Fleet News

Vauxhall says electric is 'an opportunity, not a threat'

James Taylor, general sales director, Vauxhall

Electric vehicles (EVs) could cause massive disruption in the fleet sector, as brand loyalties are broken and new unique selling points created.

That’s the view of Vauxhall general sales director James Taylor, who believes the carmaker has the chance to steal a march on rivals as it begins to roll out electric, plug-in and hybrid options across core models.

“With electric vehicles (EVs), we have an opportunity for a step change to the brand,” says Taylor. “We will have an advantage for two to three years until others catch up in terms of our range and avail-ability of EVs.

“It will open up opportunities with new customers that have (previously) been brand loyal in fleet. It will disrupt the market.”

Vauxhall’s strategy mirrors parent company PSA’s “no compromise” approach to EVs.

“We will have the same cars for internal combustion engine (ICE) and battery electric vehicle (BEV) with a choice of petrol, diesel and electric. This is a more efficient way of doing it,” said Taylor. “It’s also an easier message to communicate from a sales and marketing perspective.”

Communication will play a vital role in the successful uptake of electric cars and vans. It is also one of the reasons behind PSA’s decision to keep Vauxhall’s fleet operation separate from its Peugeot/Citroën brands.

“It is hard to have that in-depth knowledge across so many brands and, with electric coming, you need people talking to customers on the ground,” Taylor explains. He has 30 people on the road – still one of the largest teams in fleet.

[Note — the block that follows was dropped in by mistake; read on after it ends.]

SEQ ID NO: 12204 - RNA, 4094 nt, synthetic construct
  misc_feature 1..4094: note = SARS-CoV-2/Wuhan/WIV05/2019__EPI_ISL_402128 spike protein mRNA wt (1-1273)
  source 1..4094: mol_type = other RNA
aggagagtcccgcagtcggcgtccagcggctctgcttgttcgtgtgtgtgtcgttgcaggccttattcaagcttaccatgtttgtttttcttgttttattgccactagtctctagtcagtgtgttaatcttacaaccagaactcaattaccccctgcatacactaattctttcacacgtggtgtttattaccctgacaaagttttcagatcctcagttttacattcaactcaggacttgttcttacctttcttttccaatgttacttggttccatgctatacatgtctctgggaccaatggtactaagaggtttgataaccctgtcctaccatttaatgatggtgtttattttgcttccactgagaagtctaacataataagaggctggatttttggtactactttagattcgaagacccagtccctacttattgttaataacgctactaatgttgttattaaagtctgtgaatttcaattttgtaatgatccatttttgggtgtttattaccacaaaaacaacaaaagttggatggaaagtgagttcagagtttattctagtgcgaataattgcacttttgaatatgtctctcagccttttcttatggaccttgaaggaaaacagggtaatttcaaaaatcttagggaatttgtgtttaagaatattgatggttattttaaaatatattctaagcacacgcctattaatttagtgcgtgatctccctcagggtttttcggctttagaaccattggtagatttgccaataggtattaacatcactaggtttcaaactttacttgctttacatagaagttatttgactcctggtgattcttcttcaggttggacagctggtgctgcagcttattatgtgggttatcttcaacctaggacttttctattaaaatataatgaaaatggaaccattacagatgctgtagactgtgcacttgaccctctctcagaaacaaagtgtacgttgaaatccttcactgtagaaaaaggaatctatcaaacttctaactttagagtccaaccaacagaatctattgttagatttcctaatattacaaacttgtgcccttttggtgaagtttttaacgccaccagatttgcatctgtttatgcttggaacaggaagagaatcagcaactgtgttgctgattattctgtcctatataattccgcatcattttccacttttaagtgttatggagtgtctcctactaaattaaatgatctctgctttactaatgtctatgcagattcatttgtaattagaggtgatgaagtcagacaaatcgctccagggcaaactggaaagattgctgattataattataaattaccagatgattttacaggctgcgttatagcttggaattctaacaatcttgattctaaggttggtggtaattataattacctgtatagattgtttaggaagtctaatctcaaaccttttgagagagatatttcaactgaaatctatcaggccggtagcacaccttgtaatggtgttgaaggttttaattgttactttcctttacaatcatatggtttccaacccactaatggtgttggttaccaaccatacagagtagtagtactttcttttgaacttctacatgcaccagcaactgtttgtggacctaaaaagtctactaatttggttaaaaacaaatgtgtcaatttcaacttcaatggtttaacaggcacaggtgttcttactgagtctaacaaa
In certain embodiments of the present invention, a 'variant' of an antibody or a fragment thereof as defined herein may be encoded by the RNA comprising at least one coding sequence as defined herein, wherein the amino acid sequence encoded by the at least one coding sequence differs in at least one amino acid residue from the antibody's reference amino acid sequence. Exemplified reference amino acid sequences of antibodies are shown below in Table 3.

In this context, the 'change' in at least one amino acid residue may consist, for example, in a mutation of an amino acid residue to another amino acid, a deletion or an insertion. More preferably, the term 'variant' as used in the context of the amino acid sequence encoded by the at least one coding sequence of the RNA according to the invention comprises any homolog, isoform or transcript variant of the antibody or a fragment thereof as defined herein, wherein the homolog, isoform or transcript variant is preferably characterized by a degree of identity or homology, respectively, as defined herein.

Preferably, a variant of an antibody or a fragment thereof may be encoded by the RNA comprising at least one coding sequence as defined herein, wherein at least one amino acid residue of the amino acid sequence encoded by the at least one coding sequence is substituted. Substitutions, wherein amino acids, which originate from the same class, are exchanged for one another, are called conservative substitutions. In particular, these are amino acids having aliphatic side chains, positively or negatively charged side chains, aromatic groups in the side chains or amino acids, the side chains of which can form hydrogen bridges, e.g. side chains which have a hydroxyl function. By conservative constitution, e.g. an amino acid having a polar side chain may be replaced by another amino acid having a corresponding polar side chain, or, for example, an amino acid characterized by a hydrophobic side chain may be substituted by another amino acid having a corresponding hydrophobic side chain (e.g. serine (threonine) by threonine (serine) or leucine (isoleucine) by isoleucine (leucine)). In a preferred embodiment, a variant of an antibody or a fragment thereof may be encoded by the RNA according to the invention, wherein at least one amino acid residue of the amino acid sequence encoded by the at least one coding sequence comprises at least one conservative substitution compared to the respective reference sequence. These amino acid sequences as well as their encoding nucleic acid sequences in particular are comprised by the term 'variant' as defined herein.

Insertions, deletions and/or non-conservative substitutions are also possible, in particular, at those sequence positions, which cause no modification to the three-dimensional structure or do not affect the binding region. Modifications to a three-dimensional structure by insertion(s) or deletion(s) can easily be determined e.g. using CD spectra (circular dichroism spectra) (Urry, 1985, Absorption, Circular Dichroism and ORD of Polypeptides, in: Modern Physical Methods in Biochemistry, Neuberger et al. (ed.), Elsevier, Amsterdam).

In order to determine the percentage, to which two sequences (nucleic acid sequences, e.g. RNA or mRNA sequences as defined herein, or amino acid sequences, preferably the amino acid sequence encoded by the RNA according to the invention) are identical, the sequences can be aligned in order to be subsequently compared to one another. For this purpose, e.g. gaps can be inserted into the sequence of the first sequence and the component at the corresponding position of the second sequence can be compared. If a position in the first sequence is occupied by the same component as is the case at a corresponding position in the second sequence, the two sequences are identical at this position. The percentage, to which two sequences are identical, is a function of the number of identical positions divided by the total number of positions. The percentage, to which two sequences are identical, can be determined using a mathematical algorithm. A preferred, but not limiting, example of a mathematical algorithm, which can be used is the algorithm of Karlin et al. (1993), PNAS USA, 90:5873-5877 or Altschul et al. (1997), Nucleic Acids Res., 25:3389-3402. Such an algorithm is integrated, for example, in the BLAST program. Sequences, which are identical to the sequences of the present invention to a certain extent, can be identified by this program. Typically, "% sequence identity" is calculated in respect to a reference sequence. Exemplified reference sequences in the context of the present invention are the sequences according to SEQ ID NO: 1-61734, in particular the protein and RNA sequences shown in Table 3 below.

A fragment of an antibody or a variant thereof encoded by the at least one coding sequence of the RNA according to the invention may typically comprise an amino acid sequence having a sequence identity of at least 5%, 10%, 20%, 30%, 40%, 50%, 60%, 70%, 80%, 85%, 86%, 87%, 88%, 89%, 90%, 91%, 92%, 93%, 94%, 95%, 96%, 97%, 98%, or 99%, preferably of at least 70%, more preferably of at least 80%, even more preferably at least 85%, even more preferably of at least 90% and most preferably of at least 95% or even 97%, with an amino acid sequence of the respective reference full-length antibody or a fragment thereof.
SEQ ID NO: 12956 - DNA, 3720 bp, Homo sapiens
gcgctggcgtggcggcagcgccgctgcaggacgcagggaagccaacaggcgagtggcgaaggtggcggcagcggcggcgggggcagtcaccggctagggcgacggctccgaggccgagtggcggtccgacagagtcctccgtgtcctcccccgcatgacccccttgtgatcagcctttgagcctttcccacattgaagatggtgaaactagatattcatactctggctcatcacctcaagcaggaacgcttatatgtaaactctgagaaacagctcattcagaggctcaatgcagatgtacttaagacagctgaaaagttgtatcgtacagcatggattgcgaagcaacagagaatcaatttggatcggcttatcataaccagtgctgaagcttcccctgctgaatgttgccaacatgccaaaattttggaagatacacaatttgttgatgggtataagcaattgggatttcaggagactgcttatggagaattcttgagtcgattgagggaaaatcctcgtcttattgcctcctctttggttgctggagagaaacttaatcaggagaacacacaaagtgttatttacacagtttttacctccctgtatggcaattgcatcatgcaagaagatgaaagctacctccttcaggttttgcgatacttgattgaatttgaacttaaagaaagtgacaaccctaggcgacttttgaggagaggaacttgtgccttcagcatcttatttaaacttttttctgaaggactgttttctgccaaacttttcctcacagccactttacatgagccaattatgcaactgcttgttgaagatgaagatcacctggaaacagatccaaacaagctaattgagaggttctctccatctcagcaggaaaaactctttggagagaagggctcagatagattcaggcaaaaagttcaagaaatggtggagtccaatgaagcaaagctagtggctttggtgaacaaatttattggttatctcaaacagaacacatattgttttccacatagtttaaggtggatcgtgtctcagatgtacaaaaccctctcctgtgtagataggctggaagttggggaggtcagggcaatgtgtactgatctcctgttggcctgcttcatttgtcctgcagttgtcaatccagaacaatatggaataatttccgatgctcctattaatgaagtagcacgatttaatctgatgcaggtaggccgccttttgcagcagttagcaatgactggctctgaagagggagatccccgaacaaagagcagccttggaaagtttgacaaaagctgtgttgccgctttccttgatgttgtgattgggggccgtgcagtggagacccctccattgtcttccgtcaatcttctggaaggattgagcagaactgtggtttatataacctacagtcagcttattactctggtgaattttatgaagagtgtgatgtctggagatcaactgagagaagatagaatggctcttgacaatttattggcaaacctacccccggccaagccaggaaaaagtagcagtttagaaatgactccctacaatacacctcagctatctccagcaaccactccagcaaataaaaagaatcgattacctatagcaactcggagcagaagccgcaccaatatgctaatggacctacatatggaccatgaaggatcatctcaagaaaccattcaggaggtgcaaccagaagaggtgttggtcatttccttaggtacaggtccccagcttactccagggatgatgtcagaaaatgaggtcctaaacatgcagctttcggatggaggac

“Since the early 2000s, people have been saying electric will be here. It is only happening now, but it’s the start of a very different world for the company car. It’s the biggest change in my 20 years here.”

Fleets show increased interest in EVs

Over the past 12 months, Taylor has seen a considerable increase in interest from fleets in electric cars. He has high hopes for the Corsa BEV, due to launch next March, thanks to its “workable” range of 200 miles and the fact its internal dimensions are identical to previous generation Astras.

“A lot of people will want to change to electric to save tax. If you have the right product, people will take that opportunity.”

Vauxhall has taken 500 orders already for the electric Corsa, which, unlike some rival models, will not be constrained by supply shortages.

“It’s vital because we have to sell these from a Cafe (Clean Air For Europe) perspective to avoid a fine that would be damaging for us financially and for our environmental image,” Taylor says.

Vauxhall needs to sell 10,000 electric and plug-in hybrid cars in the UK next year to make its contribution to the carmaker’s European CO2 emissions target based on its diesel and petrol sales projections. The balance of these will be weighted in favour of the electric Corsa.

“Even if we need more than 10,000, we will have availability,” Taylor says. “Being part of PSA has put us in a good position. Under GM, there wasn’t an EV strategy; PSA has had one for a while and sees EVs as an opportunity, not a threat.”

He is also confident the GrandlandX Hybrid (pictured) will appeal to fleets. Vauxhall will introduce a Business Edition derivative with the same specification as the Elite Nav, but with a £7,000 list price saving. 

Taylor describes it as “a lot of car for the money”, adding: “It’s a C-segment SUV with the lowest BIK.”